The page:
Review by Sean Boelman
The world is a big place, full of places we may have never seen or heard of — and cinema can offer us a unique glimpse into those parts of the world. Richland is a quietly affecting film, creeping under viewers’ skin with its intimate, harrowing glimpse into everyday life in small town America.
The movie is a verité documentary about the town of Richland, Washington — a town which was built to house the workers of a nearby testing site, but has since become a representation of some of the issues that plague our country. Things have been getting worse in our country before they get better, yet this film shows that there is hope, even in darkness.
As one would expect, there is a focus in the movie on the destruction caused by nuclear proliferation. However, there is so much more to this story than that. The film is all about legacy and how it tends to entrap people more than it empowers them — especially in relation to how the population of Richland struggles to cope with its dark origins.
Although the story may not sound that interesting on paper, it’s much more compelling than it would seem. Of course, those who are not a fan of the verité style of documentary filmmaking may find themselves a tad bored by the footage of people going about their daily lives, but for those who love nonfiction cinema, the unique and intimate access Lusztig has to these people’s lives is sure to be fascinating.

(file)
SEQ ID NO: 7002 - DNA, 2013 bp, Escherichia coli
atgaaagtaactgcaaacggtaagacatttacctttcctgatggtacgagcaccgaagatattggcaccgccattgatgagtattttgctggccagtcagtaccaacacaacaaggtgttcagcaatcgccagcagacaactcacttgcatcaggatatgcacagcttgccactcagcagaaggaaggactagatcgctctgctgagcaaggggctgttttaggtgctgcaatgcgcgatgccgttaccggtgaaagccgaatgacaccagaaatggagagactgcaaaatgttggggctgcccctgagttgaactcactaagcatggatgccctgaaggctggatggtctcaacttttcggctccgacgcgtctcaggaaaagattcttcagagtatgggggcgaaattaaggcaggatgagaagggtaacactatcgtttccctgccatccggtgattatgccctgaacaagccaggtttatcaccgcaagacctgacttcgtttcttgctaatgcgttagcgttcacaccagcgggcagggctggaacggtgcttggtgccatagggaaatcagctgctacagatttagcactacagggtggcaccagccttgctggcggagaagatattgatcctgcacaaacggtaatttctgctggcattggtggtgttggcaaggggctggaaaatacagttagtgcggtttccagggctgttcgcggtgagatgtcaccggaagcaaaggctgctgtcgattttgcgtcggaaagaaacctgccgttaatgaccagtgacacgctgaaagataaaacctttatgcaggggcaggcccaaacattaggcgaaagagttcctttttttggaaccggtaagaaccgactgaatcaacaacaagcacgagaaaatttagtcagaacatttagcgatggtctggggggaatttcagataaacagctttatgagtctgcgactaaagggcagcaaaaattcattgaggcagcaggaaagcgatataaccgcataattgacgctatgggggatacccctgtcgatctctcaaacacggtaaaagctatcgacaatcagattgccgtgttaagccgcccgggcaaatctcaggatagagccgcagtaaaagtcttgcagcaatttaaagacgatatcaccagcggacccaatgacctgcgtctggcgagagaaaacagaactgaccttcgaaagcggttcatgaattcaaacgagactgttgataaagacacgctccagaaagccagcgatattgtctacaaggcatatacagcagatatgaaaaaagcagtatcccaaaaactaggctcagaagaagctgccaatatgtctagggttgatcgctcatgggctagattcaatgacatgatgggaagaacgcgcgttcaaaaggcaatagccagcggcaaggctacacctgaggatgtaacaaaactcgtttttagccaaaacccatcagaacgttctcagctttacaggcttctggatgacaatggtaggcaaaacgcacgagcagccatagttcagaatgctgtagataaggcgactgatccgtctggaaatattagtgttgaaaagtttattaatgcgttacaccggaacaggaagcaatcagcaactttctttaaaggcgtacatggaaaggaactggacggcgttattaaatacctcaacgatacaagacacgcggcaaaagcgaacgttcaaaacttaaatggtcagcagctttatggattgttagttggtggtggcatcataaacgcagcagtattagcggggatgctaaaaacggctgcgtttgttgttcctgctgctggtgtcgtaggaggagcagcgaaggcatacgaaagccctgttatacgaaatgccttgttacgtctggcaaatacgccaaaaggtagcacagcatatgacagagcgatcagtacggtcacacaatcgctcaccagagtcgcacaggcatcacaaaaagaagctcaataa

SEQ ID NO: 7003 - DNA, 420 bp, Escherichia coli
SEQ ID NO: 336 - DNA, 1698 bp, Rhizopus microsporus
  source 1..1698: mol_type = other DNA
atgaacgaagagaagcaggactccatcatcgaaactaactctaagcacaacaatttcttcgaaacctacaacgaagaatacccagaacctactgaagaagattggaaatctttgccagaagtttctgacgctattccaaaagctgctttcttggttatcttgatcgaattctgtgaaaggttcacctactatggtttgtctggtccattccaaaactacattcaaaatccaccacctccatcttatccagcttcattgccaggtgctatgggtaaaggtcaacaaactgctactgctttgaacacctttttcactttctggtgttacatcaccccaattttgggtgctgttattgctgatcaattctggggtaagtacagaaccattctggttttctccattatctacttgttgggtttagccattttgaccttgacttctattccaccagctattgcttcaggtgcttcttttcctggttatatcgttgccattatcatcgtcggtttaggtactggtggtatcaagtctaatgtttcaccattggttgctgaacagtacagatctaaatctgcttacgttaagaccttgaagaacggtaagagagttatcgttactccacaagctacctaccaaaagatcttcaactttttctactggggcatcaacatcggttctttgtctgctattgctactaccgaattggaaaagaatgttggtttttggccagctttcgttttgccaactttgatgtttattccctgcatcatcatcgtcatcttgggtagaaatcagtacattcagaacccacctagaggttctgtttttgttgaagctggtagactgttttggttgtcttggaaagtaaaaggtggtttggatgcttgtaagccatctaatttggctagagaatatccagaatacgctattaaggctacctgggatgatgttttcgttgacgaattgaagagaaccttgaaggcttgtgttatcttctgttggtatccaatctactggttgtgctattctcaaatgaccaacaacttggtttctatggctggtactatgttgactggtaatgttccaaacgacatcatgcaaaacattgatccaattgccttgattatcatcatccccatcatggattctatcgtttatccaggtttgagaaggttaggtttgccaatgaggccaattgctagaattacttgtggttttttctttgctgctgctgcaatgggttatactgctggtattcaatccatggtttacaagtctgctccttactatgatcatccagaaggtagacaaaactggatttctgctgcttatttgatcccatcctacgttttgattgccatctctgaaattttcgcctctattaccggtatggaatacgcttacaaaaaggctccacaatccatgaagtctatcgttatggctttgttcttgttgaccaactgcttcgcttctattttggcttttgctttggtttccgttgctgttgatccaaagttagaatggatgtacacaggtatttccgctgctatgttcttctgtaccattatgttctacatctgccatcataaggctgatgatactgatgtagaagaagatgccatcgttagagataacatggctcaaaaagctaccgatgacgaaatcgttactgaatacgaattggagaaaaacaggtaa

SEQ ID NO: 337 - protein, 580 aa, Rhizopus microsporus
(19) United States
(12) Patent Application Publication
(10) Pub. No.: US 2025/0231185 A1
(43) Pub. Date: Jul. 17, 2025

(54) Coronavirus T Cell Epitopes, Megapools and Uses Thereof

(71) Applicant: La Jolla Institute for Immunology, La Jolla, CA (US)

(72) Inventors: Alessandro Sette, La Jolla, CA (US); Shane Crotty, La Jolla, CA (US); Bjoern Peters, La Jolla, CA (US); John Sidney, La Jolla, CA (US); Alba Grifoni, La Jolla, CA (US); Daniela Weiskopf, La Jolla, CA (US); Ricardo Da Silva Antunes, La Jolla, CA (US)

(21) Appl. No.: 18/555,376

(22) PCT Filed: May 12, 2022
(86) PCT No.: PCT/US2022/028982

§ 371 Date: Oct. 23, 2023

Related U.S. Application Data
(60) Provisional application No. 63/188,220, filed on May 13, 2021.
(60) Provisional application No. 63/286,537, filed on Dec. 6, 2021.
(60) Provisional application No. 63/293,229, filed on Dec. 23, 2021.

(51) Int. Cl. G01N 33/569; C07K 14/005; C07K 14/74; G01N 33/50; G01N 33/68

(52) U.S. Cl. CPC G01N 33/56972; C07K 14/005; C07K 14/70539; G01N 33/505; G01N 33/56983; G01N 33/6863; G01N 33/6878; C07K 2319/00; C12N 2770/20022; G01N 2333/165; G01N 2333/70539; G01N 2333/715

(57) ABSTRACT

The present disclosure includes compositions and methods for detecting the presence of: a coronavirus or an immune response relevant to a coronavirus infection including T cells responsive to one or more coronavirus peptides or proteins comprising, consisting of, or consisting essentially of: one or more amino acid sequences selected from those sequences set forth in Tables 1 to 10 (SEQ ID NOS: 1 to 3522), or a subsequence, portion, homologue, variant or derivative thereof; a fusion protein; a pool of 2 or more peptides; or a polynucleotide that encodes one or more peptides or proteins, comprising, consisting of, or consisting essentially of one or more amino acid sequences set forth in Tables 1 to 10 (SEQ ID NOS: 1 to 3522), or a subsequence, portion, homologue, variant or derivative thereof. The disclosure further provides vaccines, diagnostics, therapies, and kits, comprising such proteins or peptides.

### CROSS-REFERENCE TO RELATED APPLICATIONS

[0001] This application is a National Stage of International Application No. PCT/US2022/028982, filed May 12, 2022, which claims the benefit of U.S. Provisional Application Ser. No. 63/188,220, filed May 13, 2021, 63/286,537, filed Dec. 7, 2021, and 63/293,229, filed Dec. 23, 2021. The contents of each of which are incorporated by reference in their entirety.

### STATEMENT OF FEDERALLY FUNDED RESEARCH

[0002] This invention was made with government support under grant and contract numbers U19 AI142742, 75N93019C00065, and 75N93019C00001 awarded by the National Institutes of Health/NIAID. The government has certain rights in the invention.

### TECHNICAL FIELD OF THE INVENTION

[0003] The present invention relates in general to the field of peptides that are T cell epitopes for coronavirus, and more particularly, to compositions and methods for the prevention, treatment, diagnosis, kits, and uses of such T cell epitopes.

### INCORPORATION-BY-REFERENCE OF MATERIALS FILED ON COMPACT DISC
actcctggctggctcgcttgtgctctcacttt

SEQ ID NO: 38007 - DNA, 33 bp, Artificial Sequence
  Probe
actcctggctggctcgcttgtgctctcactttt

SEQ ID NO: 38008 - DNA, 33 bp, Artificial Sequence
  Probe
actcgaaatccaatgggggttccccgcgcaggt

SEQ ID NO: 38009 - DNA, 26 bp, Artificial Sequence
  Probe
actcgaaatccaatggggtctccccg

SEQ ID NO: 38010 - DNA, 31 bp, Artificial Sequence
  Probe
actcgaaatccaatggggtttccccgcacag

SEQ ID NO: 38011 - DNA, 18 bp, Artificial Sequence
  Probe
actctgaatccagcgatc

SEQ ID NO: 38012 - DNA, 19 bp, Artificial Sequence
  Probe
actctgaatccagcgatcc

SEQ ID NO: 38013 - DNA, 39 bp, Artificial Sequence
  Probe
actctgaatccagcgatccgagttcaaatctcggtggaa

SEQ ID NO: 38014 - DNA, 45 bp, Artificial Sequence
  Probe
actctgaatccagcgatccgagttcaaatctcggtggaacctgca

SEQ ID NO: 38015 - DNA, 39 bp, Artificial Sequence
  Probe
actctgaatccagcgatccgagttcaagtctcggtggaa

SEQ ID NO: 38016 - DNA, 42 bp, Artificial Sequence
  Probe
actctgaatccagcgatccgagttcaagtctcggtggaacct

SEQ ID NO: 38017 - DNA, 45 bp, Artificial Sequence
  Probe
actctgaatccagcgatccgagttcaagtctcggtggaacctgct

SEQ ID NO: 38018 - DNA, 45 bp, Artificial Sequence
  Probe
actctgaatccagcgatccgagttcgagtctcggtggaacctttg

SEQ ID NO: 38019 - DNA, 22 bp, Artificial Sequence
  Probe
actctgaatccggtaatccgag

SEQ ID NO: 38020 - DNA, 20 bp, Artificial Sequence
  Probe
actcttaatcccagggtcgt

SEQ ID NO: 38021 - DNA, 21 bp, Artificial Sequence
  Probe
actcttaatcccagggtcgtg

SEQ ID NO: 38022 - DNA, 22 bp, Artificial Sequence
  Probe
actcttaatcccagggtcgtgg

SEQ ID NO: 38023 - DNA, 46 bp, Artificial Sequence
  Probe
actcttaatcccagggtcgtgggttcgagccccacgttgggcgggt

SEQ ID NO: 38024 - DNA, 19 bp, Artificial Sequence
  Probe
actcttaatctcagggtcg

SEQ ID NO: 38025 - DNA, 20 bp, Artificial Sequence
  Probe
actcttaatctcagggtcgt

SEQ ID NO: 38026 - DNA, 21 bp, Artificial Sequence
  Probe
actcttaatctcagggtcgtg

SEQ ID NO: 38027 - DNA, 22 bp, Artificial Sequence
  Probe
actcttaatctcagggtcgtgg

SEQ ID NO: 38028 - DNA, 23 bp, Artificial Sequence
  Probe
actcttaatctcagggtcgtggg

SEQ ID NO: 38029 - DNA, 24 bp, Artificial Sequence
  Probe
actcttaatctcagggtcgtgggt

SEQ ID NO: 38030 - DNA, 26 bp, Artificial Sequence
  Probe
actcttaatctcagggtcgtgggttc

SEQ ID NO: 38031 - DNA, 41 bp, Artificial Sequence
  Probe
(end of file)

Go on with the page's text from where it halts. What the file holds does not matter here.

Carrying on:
Lusztig’s presentation in the movie is absolutely fantastic, with amazing cinematography on the new footage, paired impressively with impressive archive materials. It’s extraordinarily difficult to craft a compelling narrative out of these types of materials, but Lusztig manages to do so brilliantly.
The people Lusztig interviews for the film run the gamut from teenagers growing up in a world they don’t agree with to some of the town’s older residents, who spout “patriotic” rhetoric. It’s this cross-section of demographics and psychographics that makes Richland such a perfect stand-in for the country as a whole.
However, even though the movie does not give the audience many subjects to particularly identify with, the film nonetheless does a great job of being emotionally affecting. As a stand-in for the state of the country as a whole, the concept of Richland is what audiences will latch onto, more so than any one of its residents.
Richland is a stunning verité documentary that takes a small-scale story and uses it wonderfully to comment on big picture issues. Although it may not seem like it on the surface, Irene Lusztig has made one of the most important movies of the festival.
Richland screens at the 2023 Tribeca Festival, which runs June 7-18 in NYC and June 19 through July 2 online.